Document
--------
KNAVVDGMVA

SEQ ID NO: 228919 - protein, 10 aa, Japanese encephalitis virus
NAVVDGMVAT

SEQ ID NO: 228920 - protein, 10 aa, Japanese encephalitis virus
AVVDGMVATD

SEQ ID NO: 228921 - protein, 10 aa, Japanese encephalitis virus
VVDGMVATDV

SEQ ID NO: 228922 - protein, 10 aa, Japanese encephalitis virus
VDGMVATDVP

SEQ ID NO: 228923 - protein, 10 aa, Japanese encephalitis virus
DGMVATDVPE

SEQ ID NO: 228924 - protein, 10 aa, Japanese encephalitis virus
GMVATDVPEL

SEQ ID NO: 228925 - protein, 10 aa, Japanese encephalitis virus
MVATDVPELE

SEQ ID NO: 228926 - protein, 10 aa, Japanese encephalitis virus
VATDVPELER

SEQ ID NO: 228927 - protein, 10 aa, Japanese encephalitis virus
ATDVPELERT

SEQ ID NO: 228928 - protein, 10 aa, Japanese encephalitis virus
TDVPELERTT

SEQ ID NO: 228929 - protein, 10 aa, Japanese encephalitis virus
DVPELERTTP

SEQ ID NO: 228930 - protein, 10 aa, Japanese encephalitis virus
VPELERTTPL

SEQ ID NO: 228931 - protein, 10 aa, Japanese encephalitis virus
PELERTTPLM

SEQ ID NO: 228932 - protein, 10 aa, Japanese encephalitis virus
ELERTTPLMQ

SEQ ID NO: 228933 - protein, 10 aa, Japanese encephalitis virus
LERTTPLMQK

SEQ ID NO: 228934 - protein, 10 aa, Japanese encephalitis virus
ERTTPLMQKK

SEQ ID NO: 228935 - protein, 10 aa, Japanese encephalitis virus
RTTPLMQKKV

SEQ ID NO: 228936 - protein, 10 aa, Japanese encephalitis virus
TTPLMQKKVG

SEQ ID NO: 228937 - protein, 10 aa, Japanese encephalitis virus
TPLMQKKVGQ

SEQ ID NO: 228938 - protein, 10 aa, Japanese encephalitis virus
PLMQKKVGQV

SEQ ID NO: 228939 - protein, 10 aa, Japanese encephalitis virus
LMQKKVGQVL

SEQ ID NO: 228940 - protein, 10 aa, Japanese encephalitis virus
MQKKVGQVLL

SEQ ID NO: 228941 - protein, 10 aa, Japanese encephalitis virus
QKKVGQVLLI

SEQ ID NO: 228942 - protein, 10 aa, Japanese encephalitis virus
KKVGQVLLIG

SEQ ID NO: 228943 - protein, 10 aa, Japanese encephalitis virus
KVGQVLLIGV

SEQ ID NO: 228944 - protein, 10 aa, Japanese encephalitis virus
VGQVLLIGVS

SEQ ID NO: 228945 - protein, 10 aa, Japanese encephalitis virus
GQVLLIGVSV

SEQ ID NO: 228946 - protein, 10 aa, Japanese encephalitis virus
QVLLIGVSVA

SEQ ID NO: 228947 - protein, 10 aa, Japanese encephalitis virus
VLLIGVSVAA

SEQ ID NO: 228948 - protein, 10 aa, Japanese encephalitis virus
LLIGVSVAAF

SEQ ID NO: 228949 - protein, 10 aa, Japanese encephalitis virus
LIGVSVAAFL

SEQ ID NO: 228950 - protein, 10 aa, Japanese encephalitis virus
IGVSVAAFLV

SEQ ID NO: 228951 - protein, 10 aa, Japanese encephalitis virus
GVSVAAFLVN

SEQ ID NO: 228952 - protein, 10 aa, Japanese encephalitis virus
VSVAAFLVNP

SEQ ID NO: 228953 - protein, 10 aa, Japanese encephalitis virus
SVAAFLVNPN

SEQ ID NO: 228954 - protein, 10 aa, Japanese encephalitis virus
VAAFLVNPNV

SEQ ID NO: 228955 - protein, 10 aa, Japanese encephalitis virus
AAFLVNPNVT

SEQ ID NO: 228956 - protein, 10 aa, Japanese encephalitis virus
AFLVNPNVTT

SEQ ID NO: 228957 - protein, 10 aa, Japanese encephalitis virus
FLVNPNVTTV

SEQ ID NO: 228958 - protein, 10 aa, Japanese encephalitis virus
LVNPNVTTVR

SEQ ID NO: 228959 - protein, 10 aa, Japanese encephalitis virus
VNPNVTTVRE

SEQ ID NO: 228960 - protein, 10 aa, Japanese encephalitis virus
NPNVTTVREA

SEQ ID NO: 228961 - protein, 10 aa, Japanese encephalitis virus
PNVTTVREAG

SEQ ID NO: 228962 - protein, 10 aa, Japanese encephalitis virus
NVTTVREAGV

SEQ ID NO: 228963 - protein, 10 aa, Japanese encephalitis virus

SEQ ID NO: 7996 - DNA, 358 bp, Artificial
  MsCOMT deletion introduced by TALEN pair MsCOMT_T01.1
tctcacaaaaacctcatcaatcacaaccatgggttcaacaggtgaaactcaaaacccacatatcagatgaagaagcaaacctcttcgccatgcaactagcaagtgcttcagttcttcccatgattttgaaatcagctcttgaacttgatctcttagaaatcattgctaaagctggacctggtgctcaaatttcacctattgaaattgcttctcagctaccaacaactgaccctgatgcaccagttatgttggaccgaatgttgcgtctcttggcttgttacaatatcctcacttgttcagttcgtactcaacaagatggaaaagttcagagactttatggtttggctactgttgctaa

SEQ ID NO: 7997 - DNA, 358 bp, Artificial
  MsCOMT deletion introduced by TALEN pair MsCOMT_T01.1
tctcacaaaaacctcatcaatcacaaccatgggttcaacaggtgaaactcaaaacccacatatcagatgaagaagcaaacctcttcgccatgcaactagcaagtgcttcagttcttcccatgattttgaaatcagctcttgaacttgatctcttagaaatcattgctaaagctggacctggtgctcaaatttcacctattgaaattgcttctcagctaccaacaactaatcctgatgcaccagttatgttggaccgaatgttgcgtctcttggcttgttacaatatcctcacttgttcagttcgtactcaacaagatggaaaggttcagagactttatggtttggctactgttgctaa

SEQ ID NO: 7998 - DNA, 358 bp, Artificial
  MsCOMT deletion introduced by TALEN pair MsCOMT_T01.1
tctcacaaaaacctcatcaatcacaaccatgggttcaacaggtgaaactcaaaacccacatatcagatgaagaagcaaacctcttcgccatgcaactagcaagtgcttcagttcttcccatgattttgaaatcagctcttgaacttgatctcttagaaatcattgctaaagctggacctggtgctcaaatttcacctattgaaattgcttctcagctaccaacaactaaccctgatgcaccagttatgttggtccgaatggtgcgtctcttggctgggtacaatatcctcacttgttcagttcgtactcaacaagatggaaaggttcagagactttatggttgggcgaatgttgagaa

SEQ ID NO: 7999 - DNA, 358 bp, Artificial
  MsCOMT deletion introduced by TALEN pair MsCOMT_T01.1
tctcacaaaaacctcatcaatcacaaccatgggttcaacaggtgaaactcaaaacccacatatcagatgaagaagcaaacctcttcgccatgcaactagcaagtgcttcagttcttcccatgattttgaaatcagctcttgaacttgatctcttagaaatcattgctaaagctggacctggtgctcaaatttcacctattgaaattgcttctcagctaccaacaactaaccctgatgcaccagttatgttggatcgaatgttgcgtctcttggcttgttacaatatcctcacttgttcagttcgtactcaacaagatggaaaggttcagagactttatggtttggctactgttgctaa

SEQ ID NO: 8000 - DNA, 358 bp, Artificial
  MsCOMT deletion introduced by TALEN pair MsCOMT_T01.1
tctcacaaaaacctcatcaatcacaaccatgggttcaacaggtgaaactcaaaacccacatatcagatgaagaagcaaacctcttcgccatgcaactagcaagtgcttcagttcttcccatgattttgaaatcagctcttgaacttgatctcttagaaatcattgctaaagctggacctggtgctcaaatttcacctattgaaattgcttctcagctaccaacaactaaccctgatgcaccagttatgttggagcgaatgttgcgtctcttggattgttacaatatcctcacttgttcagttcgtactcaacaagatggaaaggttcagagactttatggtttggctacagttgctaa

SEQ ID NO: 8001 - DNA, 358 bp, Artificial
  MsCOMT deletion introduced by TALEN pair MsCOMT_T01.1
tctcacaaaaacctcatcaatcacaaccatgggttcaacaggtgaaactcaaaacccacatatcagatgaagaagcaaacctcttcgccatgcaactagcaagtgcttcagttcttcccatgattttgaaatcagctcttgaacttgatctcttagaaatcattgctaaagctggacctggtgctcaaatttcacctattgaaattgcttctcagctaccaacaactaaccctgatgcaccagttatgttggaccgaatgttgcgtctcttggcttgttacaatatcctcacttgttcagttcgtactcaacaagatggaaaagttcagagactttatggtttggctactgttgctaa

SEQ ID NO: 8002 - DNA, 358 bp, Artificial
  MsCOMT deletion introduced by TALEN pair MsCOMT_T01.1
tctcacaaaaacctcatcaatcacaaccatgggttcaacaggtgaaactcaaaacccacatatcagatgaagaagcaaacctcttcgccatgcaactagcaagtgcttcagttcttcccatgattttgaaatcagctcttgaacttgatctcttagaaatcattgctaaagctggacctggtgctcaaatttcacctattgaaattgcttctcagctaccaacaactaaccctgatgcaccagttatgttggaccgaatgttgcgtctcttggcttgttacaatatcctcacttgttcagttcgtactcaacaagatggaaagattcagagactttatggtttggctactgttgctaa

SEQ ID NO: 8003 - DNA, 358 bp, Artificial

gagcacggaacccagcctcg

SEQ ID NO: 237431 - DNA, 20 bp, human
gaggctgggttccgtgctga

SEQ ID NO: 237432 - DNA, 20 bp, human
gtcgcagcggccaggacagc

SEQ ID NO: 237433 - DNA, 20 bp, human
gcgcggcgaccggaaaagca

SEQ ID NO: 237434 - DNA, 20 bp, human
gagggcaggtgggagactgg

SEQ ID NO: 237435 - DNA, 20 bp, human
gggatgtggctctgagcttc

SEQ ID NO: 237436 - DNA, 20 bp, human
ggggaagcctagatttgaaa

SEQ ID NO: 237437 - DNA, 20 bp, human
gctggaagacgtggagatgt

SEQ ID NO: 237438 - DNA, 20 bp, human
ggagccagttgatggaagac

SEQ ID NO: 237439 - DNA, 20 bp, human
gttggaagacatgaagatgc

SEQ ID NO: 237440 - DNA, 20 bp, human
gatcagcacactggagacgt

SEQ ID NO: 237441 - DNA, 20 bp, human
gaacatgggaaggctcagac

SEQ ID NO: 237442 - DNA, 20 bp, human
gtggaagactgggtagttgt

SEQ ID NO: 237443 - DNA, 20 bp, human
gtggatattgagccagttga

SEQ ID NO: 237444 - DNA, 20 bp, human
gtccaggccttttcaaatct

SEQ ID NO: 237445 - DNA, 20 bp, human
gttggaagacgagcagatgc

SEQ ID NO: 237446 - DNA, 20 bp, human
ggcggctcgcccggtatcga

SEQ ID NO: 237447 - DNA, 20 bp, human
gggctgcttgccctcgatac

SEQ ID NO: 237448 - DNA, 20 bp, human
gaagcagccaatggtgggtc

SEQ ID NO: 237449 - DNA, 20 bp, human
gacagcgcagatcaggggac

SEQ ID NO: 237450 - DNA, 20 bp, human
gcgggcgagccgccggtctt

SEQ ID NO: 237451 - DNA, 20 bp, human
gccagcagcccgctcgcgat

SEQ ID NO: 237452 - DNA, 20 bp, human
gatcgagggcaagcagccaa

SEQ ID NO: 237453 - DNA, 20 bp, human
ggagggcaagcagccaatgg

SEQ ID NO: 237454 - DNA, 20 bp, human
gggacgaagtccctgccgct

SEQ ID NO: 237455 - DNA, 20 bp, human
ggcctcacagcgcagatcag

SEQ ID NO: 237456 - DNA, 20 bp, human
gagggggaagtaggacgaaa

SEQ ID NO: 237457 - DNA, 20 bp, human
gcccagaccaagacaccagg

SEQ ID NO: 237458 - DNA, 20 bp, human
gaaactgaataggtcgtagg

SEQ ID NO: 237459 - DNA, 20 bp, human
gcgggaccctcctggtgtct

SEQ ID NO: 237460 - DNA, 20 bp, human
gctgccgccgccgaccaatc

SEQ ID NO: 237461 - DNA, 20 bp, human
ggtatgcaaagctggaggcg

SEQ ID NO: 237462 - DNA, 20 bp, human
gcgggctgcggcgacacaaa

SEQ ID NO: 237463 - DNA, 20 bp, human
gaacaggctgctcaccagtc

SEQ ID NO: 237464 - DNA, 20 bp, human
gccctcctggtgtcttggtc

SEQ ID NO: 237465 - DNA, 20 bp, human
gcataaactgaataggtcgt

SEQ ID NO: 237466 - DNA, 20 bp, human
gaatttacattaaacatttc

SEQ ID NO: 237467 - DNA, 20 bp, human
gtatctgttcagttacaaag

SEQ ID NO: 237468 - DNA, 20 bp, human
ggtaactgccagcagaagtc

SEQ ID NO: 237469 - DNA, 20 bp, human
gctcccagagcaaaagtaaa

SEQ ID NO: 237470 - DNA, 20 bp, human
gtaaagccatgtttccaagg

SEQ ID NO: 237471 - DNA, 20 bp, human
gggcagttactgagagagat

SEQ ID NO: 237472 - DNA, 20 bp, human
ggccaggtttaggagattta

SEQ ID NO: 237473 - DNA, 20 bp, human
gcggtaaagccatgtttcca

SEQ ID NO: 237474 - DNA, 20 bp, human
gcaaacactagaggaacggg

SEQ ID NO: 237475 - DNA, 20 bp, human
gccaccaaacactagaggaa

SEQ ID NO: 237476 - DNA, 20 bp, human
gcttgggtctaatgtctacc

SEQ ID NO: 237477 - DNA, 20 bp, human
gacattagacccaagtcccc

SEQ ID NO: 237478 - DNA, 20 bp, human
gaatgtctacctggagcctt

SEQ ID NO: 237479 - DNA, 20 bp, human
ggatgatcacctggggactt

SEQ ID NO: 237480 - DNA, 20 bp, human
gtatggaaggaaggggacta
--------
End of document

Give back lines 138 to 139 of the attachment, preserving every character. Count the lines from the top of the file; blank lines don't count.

SEQ ID NO: 237443 - DNA, 20 bp, human
gtggatattgagccagttga